Police commissioner claims M1 safety upgrade ignores the problem

A South Yorkshire police commissioner has claimed that National Highways’ commitment to add an additional emergency refuge area (ERA) to a dangerous stretch of the M1 does not “adequately address” concerns about the stretch of road.

Last week it was revealed that an additional ERA will be added to a section of the M1 in South Yorkshire after an independent review of the motorway highlighted a “cluster of live lane breakdown collisions”.

The ERA will be located between Woodall Motorway Services and junction 31 – the same stretch of road where grandmother Nargis Begum was tragically killed in September 2018 after her car broke down.

However South Yorkshire police and crime commissioner Alan Billings said the addition of the ERA is not enough.

“One extra refuge on a 13 mile stretch of motorway will not adequately address the concerns that I and others have repeatedly raised. Neither will it protect lives," he said.

“It remains my view that all lane running motorways are inherently dangerous. Any vehicle that stops in a live lane is immediately putting lives at risk. Not all vehicles break down conveniently close to refuge areas so in my view adding one more still leaves those who break down dangerously unprotected on the M1 in South Yorkshire.”

The M1 smart motorway has been under increasing scrutiny, following a number of high profile collisions and deaths.

In March 2019, 83 year old Derek Jacobs also died on the road, between junction 30 and Woodall Services. He pulled into the left-hand lane when his car developed a mechanical fault but was struck by another car, which was then hit by a coach.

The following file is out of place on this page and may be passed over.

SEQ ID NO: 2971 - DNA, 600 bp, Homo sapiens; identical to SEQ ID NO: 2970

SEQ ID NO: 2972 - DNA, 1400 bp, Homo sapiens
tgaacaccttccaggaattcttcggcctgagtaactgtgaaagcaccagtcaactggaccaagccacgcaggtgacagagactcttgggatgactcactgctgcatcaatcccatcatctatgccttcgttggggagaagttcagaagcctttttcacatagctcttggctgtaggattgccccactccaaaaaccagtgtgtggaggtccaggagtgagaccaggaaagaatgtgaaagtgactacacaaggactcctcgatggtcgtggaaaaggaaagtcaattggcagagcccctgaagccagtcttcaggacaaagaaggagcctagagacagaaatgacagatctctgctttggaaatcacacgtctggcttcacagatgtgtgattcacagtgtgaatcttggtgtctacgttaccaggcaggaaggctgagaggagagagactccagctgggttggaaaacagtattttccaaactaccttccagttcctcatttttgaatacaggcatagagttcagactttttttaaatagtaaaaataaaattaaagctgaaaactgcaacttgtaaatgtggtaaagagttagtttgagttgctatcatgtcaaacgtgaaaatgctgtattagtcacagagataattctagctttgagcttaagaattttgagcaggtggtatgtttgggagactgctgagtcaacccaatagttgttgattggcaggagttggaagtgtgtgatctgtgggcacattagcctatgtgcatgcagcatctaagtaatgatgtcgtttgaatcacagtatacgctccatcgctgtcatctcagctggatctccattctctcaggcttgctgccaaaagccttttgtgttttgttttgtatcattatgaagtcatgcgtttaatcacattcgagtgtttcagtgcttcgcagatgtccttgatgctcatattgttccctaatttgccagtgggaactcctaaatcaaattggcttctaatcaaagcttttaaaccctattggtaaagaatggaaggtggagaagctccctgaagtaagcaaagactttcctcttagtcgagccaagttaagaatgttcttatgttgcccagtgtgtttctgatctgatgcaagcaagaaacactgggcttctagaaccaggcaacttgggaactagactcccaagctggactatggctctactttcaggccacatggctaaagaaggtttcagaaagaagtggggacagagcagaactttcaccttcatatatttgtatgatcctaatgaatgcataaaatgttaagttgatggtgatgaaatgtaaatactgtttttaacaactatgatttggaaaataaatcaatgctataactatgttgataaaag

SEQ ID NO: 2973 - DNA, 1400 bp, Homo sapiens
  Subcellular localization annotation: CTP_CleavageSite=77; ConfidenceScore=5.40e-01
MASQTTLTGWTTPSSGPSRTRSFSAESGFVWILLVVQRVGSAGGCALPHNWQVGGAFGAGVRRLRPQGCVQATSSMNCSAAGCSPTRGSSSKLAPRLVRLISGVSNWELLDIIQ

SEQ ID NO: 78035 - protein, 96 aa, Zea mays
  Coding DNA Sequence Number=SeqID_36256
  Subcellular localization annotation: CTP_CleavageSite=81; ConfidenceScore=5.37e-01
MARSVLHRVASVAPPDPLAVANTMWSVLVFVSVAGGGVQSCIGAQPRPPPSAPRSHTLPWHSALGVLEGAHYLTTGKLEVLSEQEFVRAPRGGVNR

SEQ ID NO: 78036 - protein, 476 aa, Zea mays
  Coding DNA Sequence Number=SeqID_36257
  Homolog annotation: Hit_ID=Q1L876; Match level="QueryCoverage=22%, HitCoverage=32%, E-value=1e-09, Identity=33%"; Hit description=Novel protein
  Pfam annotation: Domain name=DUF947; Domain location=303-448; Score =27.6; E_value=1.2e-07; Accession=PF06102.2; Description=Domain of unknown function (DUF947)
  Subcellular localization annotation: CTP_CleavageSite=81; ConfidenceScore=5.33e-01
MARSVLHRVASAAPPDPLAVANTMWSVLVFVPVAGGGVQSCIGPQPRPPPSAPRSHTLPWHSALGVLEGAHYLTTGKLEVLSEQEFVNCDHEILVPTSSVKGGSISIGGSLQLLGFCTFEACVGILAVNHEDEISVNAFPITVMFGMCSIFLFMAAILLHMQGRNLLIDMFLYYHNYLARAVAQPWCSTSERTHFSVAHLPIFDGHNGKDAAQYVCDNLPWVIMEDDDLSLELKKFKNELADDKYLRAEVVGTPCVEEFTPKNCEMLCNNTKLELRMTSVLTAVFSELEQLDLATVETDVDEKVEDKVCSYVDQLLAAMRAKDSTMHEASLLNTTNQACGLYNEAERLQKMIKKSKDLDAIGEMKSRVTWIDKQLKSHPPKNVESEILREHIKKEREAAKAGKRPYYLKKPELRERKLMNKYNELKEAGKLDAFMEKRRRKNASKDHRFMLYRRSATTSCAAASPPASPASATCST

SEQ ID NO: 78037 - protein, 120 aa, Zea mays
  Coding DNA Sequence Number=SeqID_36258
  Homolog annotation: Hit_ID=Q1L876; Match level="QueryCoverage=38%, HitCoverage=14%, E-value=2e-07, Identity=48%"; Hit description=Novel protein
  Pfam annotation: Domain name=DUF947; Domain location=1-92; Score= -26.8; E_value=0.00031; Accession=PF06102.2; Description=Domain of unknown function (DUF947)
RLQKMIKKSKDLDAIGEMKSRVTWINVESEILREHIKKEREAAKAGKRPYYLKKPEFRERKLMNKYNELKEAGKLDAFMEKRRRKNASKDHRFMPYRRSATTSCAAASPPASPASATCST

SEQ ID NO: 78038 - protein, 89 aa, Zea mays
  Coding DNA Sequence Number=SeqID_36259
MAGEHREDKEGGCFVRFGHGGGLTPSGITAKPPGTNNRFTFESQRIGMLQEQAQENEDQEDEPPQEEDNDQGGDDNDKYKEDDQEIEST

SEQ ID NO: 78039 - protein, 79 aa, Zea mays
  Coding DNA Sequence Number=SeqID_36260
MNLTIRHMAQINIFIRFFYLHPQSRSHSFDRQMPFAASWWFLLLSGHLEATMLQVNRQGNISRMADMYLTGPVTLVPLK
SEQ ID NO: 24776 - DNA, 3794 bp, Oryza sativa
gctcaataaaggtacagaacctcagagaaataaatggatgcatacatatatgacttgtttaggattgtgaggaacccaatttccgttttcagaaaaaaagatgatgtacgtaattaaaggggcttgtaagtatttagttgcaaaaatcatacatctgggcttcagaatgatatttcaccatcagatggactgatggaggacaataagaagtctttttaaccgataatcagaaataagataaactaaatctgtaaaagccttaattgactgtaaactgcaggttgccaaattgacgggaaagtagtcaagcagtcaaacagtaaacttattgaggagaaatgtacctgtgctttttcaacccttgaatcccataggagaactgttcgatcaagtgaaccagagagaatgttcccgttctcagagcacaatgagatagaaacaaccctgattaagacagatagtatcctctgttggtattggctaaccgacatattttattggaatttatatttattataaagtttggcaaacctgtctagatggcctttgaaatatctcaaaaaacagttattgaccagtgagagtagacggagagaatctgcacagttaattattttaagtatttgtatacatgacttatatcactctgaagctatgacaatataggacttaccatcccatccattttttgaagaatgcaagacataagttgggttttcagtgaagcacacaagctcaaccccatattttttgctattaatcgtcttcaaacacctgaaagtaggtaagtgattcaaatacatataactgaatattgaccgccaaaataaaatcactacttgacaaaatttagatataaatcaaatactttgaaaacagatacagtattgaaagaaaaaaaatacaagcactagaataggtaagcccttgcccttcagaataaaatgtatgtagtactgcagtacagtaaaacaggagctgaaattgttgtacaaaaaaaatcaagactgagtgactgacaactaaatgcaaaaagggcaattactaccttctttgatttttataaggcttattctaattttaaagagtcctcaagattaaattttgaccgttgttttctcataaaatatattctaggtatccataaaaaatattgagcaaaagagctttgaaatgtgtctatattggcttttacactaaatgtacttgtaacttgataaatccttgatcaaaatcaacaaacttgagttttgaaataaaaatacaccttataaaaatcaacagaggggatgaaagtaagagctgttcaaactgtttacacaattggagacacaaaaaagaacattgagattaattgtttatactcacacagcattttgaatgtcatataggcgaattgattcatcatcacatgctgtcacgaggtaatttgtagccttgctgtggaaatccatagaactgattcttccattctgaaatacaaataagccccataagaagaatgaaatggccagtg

Two more people were killed on the junction 30 to 31 section in April this year. The stretch of road is part of the M1 junctions 30 to 35 smart motorway.

A further three fatal collisions have been recorded across junctions 30 to 35 up until 2019. In January, an inquest concluded that the lack of a hard shoulder contributed to the deaths of two men, Jason Mercer and Alexandru Murgeanu, near junction 34 in June 2019.

Undertaken by Atkins and Jacobs, the M1 review is among a number of other investigations published, which examine the M6 junctions 5 to 6, M1 junctions 10 to 13 and M1 junctions 39 to 42.

Overall, the review found that the average number of collisions per year has decreased since the M1 junctions 30 to 35 smart motorway opened, due to a fall in the number of slight injury collisions.

But the number of serious injury collisions per year has increased, and fatal injury collisions have increased from one in three years to three in three years for the junction 32 to junction 35 section. Accordingly, the ratio of fatal and serious injury collisions has increased.

Collision cluster locations were identified between Woodall Services and junction 31, between junction 31 and junction 32, and on the northbound approach to junction 33.

National Highways maintains that in terms of fatality rates, smart motorways are the safest roads in the country. The roads operator said that all road journeys involve risk, but the chance of death on smart motorways is less than on any other major road.

National Highways chief executive Nick Harris added: “We do understand the strength of feeling about safety on this section of the M1 and are committed to making further improvements. That is why we commissioned an independent investigation of the factors which have contributed to incidents.

“Our report details the measures we have completed and those we are developing to take forward.”

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